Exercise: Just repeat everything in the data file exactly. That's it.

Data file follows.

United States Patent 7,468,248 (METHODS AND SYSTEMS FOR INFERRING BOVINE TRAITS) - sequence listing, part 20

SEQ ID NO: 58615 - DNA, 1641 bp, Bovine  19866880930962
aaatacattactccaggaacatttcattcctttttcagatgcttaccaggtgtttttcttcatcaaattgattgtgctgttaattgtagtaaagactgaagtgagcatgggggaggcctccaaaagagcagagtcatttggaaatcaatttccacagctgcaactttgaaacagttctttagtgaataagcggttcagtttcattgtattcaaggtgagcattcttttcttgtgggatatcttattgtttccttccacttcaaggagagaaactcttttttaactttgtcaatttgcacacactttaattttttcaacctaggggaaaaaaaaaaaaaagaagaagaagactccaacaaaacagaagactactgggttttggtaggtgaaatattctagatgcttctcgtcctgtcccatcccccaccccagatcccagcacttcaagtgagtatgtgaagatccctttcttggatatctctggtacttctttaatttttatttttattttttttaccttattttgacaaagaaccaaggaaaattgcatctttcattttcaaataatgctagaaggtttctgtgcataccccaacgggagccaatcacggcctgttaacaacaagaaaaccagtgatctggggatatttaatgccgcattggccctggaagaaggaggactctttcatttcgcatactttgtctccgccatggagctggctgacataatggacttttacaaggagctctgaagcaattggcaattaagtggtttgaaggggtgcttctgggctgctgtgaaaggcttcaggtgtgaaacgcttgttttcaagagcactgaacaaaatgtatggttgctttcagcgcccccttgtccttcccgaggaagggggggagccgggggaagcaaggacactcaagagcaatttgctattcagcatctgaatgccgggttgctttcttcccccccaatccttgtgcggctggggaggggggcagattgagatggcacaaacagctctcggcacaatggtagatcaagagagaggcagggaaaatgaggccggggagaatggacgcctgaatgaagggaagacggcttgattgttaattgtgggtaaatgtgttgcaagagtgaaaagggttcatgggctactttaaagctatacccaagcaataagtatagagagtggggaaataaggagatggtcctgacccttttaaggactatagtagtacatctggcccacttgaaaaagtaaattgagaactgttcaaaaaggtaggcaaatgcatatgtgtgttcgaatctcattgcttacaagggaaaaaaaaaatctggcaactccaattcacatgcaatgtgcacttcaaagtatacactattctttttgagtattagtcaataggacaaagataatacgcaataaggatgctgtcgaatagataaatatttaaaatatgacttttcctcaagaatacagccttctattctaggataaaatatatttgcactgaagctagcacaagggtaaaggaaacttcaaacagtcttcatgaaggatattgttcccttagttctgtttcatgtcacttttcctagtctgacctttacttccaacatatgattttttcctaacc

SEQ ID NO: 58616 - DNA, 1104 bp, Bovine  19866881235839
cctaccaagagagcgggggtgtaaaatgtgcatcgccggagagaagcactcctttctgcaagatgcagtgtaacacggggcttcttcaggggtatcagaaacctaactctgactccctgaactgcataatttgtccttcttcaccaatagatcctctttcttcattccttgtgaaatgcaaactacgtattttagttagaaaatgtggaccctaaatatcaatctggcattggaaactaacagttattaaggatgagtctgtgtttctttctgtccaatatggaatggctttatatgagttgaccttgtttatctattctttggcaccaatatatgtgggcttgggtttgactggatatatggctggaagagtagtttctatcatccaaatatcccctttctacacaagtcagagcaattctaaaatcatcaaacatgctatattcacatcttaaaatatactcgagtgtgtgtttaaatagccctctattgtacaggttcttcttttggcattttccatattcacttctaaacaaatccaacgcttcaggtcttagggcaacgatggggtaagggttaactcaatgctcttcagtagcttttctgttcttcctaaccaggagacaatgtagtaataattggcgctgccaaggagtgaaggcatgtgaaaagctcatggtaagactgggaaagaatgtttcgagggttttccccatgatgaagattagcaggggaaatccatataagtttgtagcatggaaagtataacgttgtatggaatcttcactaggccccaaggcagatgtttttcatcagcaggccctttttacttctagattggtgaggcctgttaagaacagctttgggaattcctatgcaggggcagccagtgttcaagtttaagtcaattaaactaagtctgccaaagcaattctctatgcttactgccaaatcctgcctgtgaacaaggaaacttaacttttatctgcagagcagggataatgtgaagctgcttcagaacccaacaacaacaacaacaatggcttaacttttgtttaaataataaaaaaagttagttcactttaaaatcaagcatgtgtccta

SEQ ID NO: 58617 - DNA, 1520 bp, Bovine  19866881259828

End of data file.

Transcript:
United States Patent 7,468,248 (METHODS AND SYSTEMS FOR INFERRING BOVINE TRAITS) - sequence listing, part 20

SEQ ID NO: 58615 - DNA, 1641 bp, Bovine  19866880930962
aaatacattactccaggaacatttcattcctttttcagatgcttaccaggtgtttttcttcatcaaattgattgtgctgttaattgtagtaaagactgaagtgagcatgggggaggcctccaaaagagcagagtcatttggaaatcaatttccacagctgcaactttgaaacagttctttagtgaataagcggttcagtttcattgtattcaaggtgagcattcttttcttgtgggatatcttattgtttccttccacttcaaggagagaaactcttttttaactttgtcaatttgcacacactttaattttttcaacctaggggaaaaaaaaaaaaaagaagaagaagactccaacaaaacagaagactactgggttttggtaggtgaaatattctagatgcttctcgtcctgtcccatcccccaccccagatcccagcacttcaagtgagtatgtgaagatccctttcttggatatctctggtacttctttaatttttatttttattttttttaccttattttgacaaagaaccaaggaaaattgcatctttcattttcaaataatgctagaaggtttctgtgcataccccaacgggagccaatcacggcctgttaacaacaagaaaaccagtgatctggggatatttaatgccgcattggccctggaagaaggaggactctttcatttcgcatactttgtctccgccatggagctggctgacataatggacttttacaaggagctctgaagcaattggcaattaagtggtttgaaggggtgcttctgggctgctgtgaaaggcttcaggtgtgaaacgcttgttttcaagagcactgaacaaaatgtatggttgctttcagcgcccccttgtccttcccgaggaagggggggagccgggggaagcaaggacactcaagagcaatttgctattcagcatctgaatgccgggttgctttcttcccccccaatccttgtgcggctggggaggggggcagattgagatggcacaaacagctctcggcacaatggtagatcaagagagaggcagggaaaatgaggccggggagaatggacgcctgaatgaagggaagacggcttgattgttaattgtgggtaaatgtgttgcaagagtgaaaagggttcatgggctactttaaagctatacccaagcaataagtatagagagtggggaaataaggagatggtcctgacccttttaaggactatagtagtacatctggcccacttgaaaaagtaaattgagaactgttcaaaaaggtaggcaaatgcatatgtgtgttcgaatctcattgcttacaagggaaaaaaaaaatctggcaactccaattcacatgcaatgtgcacttcaaagtatacactattctttttgagtattagtcaataggacaaagataatacgcaataaggatgctgtcgaatagataaatatttaaaatatgacttttcctcaagaatacagccttctattctaggataaaatatatttgcactgaagctagcacaagggtaaaggaaacttcaaacagtcttcatgaaggatattgttcccttagttctgtttcatgtcacttttcctagtctgacctttacttccaacatatgattttttcctaacc

SEQ ID NO: 58616 - DNA, 1104 bp, Bovine  19866881235839
cctaccaagagagcgggggtgtaaaatgtgcatcgccggagagaagcactcctttctgcaagatgcagtgtaacacggggcttcttcaggggtatcagaaacctaactctgactccctgaactgcataatttgtccttcttcaccaatagatcctctttcttcattccttgtgaaatgcaaactacgtattttagttagaaaatgtggaccctaaatatcaatctggcattggaaactaacagttattaaggatgagtctgtgtttctttctgtccaatatggaatggctttatatgagttgaccttgtttatctattctttggcaccaatatatgtgggcttgggtttgactggatatatggctggaagagtagtttctatcatccaaatatcccctttctacacaagtcagagcaattctaaaatcatcaaacatgctatattcacatcttaaaatatactcgagtgtgtgtttaaatagccctctattgtacaggttcttcttttggcattttccatattcacttctaaacaaatccaacgcttcaggtcttagggcaacgatggggtaagggttaactcaatgctcttcagtagcttttctgttcttcctaaccaggagacaatgtagtaataattggcgctgccaaggagtgaaggcatgtgaaaagctcatggtaagactgggaaagaatgtttcgagggttttccccatgatgaagattagcaggggaaatccatataagtttgtagcatggaaagtataacgttgtatggaatcttcactaggccccaaggcagatgtttttcatcagcaggccctttttacttctagattggtgaggcctgttaagaacagctttgggaattcctatgcaggggcagccagtgttcaagtttaagtcaattaaactaagtctgccaaagcaattctctatgcttactgccaaatcctgcctgtgaacaaggaaacttaacttttatctgcagagcagggataatgtgaagctgcttcagaacccaacaacaacaacaacaatggcttaacttttgtttaaataataaaaaaagttagttcactttaaaatcaagcatgtgtccta

SEQ ID NO: 58617 - DNA, 1520 bp, Bovine  19866881259828